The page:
This roomy pullover work shirt was worn by hard-working raftsmen and fur traders on the Missouri, Mississippi, and Ohio Rivers of 1800s America. It is frequently depicted in the paintings of George Caleb Bingham.
Full sleeves with underarm gussets are gathered and attached into a shoulder yoke. A narrow and convertible cuff may be used. A neck gusset set into the shoulders gathers into a simple turned back collar, which is loosely fastened with a tape tie. The bottom of the front opening was often strengthened with a needle-lace godet and decorated with the wearer's initials in cross stitch. The long side openings were also reinforced. Instructions for cross-stitch monogram and needle-lace godet for front opening are included.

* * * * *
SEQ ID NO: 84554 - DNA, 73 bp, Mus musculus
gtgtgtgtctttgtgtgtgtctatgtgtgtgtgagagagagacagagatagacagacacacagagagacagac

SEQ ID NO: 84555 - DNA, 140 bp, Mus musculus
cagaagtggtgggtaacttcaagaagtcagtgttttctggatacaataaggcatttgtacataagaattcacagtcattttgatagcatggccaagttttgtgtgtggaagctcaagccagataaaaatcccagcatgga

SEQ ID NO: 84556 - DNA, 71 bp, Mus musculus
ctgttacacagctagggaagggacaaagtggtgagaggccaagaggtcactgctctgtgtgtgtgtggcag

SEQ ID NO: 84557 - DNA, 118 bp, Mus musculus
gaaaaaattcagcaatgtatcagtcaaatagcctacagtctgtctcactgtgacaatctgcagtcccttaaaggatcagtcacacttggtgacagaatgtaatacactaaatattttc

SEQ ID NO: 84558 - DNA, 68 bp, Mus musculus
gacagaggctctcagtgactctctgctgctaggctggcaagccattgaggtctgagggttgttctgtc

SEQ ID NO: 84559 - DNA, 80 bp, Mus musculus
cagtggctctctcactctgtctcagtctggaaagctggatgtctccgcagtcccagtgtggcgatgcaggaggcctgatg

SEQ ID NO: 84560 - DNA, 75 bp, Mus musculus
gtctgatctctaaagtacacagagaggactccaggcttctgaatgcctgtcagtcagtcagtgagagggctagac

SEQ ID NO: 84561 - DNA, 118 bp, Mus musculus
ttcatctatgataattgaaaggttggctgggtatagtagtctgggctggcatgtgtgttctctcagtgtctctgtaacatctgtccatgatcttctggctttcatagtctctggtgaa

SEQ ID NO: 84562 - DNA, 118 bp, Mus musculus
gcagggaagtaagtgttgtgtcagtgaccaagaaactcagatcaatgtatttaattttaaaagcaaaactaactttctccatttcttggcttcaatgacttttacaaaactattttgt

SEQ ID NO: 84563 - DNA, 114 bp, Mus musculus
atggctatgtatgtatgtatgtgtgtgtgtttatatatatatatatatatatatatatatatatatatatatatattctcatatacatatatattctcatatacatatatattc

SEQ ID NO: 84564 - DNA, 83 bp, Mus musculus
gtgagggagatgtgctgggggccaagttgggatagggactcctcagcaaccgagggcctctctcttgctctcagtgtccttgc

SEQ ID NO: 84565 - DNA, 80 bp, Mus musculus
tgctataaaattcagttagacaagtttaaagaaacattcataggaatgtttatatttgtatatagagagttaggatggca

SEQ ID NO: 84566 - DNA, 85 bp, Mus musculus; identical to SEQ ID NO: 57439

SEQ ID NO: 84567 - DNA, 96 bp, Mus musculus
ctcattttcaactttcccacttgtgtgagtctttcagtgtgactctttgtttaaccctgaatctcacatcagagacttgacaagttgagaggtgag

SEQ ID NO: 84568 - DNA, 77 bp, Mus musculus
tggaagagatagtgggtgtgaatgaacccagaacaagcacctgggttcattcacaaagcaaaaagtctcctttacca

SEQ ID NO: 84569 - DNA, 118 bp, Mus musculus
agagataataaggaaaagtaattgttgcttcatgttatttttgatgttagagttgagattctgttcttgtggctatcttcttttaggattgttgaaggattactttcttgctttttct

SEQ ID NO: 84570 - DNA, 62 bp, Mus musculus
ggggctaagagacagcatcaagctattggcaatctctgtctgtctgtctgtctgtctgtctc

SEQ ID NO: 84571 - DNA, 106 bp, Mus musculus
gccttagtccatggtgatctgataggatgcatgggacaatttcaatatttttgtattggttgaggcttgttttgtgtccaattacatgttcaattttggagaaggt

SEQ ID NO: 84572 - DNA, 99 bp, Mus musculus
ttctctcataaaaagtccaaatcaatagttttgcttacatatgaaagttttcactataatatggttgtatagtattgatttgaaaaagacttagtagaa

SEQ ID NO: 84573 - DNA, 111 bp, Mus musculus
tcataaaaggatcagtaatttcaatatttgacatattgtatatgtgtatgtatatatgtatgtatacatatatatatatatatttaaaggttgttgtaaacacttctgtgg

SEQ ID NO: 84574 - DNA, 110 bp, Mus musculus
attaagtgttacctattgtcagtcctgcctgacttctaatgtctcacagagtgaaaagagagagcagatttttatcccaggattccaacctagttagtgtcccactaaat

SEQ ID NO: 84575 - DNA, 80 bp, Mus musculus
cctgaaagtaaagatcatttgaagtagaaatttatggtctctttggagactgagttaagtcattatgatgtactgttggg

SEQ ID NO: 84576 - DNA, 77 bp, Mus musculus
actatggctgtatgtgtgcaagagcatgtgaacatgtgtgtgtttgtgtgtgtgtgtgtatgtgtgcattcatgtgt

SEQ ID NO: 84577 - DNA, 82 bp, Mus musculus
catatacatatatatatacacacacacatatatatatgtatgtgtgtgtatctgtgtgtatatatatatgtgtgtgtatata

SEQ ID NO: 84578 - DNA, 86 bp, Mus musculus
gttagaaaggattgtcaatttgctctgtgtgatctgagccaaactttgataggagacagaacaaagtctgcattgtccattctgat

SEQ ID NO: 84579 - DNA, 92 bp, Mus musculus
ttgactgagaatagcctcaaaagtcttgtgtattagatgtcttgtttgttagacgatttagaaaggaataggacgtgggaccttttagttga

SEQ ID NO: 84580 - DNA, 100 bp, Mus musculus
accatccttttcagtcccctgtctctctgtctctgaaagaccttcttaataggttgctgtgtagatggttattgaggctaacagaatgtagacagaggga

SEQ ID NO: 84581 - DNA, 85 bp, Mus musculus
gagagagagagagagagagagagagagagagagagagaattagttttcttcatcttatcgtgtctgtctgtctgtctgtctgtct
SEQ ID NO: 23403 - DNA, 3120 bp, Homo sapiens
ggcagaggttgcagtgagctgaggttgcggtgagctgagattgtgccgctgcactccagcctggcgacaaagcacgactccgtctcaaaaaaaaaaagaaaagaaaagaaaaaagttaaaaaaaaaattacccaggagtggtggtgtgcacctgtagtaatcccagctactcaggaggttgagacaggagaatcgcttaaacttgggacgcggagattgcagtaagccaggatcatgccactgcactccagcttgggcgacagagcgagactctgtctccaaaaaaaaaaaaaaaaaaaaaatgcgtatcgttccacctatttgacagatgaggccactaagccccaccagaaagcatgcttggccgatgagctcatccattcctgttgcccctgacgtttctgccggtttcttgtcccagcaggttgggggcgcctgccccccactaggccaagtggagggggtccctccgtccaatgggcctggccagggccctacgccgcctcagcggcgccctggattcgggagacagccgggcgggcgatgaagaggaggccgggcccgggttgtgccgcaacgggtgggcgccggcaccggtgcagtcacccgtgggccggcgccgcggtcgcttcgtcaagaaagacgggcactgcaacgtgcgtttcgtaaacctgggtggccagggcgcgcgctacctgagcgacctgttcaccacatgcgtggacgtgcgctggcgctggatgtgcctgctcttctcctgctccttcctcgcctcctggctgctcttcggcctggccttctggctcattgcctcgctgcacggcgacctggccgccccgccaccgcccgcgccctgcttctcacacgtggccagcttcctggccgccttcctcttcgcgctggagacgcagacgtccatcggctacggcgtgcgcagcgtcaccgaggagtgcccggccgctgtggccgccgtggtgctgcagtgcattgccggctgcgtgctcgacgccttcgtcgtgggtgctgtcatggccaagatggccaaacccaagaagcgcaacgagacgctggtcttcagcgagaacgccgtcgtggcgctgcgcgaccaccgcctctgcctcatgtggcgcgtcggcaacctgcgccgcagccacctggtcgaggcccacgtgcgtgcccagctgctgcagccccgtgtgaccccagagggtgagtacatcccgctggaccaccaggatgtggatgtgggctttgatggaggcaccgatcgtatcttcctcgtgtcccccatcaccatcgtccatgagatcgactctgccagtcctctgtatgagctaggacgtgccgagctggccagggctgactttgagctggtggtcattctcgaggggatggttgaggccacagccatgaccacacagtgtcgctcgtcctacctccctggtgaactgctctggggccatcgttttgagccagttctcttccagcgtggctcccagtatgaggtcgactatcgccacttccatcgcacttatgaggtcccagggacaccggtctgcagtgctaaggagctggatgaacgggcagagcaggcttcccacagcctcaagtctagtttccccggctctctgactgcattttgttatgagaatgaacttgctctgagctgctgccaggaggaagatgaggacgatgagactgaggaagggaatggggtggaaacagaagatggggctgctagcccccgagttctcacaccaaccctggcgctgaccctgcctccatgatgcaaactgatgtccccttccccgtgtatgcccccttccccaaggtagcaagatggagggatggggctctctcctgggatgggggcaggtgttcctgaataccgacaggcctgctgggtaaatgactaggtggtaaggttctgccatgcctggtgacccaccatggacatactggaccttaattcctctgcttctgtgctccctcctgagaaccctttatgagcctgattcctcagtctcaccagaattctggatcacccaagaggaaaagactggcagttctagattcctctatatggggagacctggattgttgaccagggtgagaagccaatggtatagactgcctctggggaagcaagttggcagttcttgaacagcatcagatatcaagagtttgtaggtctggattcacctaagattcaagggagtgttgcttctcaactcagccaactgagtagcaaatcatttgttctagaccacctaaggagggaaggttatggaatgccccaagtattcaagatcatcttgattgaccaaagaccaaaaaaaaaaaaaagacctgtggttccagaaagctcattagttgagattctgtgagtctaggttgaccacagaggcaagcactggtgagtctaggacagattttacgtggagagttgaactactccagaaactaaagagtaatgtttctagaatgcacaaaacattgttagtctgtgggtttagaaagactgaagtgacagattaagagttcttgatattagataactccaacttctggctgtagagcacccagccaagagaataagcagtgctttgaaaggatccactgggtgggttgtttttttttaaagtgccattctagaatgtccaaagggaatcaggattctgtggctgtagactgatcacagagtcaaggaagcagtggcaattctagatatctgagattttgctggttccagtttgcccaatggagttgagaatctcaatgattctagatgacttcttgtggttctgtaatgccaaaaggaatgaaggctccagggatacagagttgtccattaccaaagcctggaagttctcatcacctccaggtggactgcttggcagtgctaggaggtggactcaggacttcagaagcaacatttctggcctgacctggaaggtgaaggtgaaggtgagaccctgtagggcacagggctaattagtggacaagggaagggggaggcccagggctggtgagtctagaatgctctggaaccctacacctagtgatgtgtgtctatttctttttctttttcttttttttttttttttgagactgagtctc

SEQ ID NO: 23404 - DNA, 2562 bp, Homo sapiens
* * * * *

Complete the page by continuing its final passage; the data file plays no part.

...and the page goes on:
The casual style is perfect for all types of today's labors, as well as pleasures. This shirt is popular with historical reenactors at Civil War and other historic events. Our Boatman's Shirt can be worn today by men as an overshirt, or shortened to tuck in. The original length is tunic length on men and women.
Many thanks to the Missouri Historical Society costume collection for assistance with research for this pattern. The original shirt is in the Society's collection in St. Louis, Missouri.
This is the PDF version. For the paper pattern, go here. This PDF pattern has files for the following: print at home version (fits A4 and 8.5x11in. paper), A0 copy shop version, 36" copy shop version, cutting and sewing instructions, and historic detailing.
Suggested fabrics: Light or medium-weight shirting fabrics such as broadcloth, homespun, linen, chambray, or silk. The original shirt was made of handwoven linen.
Era: 1800s, Victorian